While many of us are still trying to wrap our brains around how smart phones and mobile apps have forever altered day-to-day living, innovators are moving on to what many are calling the next big thing: wearables. Engineers are already dreaming up designs for the wearable product segment, which encompasses anything from augmented reality glasses like the widely-hyped Google Glass to Apple’s rumored iWatch and a range of still-to-be-thought-of devices.
If you think this segment seems like the stuff of science fiction, think again. Analyst firms such as the UK-based IMS Research are projecting the wearable computer market to swell to around $6 billion by 2016, with some estimates going even higher. Already, more than 14 million wearable technology devices were estimated to ship in 2011, according to IHS, another research firm tracking this emerging segment. IHS is projecting that 171 million wearable tech devices will ship in 2016, resulting in a 550% growth surge from 2011 to 2016. Continue reading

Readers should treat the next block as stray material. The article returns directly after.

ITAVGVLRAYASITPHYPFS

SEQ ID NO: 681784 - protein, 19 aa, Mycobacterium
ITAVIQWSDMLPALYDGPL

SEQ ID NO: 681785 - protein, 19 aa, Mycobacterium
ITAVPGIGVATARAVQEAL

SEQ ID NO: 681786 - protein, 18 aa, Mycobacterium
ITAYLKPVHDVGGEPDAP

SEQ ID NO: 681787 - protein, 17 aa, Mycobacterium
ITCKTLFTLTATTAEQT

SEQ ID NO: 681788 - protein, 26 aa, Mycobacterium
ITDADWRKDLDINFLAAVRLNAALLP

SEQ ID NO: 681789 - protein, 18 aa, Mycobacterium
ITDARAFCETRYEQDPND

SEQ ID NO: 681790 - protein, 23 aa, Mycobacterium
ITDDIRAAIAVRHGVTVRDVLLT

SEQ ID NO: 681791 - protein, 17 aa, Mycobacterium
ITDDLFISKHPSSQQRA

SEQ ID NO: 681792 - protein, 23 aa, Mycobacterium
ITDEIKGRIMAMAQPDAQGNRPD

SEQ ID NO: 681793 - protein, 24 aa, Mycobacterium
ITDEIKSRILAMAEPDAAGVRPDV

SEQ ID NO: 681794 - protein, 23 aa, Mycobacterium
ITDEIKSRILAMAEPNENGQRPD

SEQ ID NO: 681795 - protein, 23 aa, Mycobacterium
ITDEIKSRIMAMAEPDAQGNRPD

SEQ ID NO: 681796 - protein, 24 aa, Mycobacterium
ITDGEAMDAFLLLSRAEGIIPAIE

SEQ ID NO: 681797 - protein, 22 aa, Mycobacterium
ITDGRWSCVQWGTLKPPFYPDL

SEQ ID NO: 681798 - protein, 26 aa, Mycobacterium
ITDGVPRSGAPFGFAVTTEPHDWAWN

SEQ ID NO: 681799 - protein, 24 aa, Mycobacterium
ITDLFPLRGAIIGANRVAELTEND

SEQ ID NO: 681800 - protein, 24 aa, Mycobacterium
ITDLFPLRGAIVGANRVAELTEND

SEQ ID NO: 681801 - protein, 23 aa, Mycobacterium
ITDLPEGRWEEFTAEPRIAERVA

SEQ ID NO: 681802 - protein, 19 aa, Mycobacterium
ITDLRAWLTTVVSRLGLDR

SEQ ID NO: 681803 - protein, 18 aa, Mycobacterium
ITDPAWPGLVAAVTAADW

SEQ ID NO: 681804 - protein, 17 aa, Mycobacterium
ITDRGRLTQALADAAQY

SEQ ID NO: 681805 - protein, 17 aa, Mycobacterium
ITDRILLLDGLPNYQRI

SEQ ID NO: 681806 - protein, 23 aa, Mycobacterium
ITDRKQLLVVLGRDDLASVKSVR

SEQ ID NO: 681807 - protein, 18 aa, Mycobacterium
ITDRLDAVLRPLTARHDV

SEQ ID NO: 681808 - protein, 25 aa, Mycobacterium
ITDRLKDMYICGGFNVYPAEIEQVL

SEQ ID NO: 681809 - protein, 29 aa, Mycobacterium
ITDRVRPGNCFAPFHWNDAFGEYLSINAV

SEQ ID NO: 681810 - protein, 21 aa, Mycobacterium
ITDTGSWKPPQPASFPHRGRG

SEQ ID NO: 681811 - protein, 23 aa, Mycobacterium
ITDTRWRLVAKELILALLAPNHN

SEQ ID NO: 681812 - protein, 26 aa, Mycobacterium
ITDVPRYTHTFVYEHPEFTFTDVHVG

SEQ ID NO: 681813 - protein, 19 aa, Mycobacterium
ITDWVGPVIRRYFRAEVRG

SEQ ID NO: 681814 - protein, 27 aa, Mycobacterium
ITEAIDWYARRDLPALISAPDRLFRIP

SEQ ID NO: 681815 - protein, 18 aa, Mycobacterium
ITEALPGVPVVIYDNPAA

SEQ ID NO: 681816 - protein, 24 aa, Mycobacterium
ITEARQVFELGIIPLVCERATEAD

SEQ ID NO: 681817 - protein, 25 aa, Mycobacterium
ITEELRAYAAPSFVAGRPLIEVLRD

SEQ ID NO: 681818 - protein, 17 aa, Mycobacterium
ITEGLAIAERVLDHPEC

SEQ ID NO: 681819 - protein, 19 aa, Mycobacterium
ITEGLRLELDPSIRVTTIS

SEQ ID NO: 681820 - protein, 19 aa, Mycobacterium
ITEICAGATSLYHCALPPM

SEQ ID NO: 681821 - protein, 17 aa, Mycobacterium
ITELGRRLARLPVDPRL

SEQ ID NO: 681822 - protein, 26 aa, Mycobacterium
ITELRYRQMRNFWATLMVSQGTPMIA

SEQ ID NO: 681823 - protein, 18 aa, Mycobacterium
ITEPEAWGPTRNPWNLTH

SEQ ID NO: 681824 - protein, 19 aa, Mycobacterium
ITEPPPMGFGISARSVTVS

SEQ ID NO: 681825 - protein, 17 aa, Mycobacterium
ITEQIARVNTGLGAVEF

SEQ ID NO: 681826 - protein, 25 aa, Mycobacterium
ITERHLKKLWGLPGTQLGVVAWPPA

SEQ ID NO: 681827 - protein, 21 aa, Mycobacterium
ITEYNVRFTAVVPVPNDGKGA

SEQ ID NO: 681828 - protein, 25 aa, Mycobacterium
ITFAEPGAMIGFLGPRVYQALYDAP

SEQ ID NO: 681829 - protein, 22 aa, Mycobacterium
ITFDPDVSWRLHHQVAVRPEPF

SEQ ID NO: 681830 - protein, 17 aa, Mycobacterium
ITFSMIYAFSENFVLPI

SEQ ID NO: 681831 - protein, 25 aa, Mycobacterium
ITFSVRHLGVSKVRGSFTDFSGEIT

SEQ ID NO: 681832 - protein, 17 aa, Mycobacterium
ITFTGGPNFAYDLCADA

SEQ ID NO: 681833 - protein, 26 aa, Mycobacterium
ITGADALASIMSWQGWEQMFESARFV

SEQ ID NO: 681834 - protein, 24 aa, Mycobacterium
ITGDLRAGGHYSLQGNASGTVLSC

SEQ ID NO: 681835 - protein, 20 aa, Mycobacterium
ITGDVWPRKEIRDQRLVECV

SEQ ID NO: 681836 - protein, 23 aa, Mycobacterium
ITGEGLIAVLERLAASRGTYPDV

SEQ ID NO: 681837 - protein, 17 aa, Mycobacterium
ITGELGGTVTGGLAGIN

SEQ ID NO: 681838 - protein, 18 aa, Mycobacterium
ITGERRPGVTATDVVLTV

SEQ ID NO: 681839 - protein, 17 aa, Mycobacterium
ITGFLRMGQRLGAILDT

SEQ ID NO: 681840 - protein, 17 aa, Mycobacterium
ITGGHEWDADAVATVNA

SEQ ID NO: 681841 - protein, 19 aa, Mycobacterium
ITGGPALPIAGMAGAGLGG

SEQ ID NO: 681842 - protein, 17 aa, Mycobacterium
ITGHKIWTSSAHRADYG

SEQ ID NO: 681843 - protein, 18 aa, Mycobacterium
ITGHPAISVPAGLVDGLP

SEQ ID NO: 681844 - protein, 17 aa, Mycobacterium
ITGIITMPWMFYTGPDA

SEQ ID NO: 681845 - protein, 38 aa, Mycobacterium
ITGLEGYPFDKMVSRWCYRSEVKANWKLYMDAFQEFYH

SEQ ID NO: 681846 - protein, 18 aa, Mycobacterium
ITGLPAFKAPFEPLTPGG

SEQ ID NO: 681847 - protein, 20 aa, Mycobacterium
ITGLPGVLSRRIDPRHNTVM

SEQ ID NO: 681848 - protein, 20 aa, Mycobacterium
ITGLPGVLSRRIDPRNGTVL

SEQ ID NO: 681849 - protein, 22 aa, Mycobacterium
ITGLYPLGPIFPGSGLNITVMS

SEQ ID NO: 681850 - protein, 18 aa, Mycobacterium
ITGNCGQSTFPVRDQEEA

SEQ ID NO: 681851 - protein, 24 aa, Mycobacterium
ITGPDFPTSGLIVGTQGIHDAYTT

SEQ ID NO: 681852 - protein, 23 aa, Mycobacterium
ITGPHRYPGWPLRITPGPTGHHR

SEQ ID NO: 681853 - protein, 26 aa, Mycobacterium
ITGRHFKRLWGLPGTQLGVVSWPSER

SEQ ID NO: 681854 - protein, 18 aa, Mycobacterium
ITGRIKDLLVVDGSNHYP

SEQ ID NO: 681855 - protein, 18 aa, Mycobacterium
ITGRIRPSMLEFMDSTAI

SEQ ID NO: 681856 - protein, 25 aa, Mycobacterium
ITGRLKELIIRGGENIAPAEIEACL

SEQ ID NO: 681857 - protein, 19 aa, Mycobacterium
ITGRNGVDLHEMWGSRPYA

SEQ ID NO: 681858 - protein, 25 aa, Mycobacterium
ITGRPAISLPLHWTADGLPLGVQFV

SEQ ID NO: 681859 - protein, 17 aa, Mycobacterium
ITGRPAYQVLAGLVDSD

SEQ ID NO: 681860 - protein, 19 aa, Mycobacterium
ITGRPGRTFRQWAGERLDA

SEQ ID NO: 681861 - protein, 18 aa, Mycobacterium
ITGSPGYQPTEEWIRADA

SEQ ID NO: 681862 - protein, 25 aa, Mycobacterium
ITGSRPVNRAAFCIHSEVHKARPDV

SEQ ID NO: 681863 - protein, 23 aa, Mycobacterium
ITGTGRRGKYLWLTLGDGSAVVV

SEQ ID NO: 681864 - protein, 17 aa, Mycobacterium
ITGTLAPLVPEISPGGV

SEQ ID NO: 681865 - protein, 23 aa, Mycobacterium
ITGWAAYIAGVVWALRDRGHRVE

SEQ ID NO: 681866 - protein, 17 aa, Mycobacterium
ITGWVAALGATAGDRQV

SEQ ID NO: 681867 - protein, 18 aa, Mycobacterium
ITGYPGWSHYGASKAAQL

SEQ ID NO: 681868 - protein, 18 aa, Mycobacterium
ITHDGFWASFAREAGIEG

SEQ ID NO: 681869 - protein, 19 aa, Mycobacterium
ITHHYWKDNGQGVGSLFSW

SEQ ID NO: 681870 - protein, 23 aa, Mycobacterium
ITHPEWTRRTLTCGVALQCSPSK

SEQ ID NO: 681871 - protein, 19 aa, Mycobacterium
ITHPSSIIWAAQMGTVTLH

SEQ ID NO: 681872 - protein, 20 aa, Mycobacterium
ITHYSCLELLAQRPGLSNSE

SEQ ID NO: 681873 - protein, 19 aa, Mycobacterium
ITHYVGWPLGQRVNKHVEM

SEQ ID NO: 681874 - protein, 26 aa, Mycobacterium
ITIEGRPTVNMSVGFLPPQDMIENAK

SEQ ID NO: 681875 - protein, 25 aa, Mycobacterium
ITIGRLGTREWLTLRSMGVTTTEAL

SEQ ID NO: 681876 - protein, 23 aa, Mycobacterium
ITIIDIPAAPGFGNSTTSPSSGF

Here’s a neat little bit of DIY engineering. London-based freelance digital art director Dhani Sutanto has created his own wearable transit pass by gutting his public transportation pass card and implanting its electronics in a ring.
The Oyster card, as it’s called, includes an RFID chip and antenna. For his homemade ring pass, Sutanto removed the tag and antenna from the card using nail polish remover, wound the antenna loop into a smaller circle to fit his resin mold, and then cast a prototype ring. The initial version has to be removed to activate the reader, but he plans to make another version that casts the loop in the ring’s surface.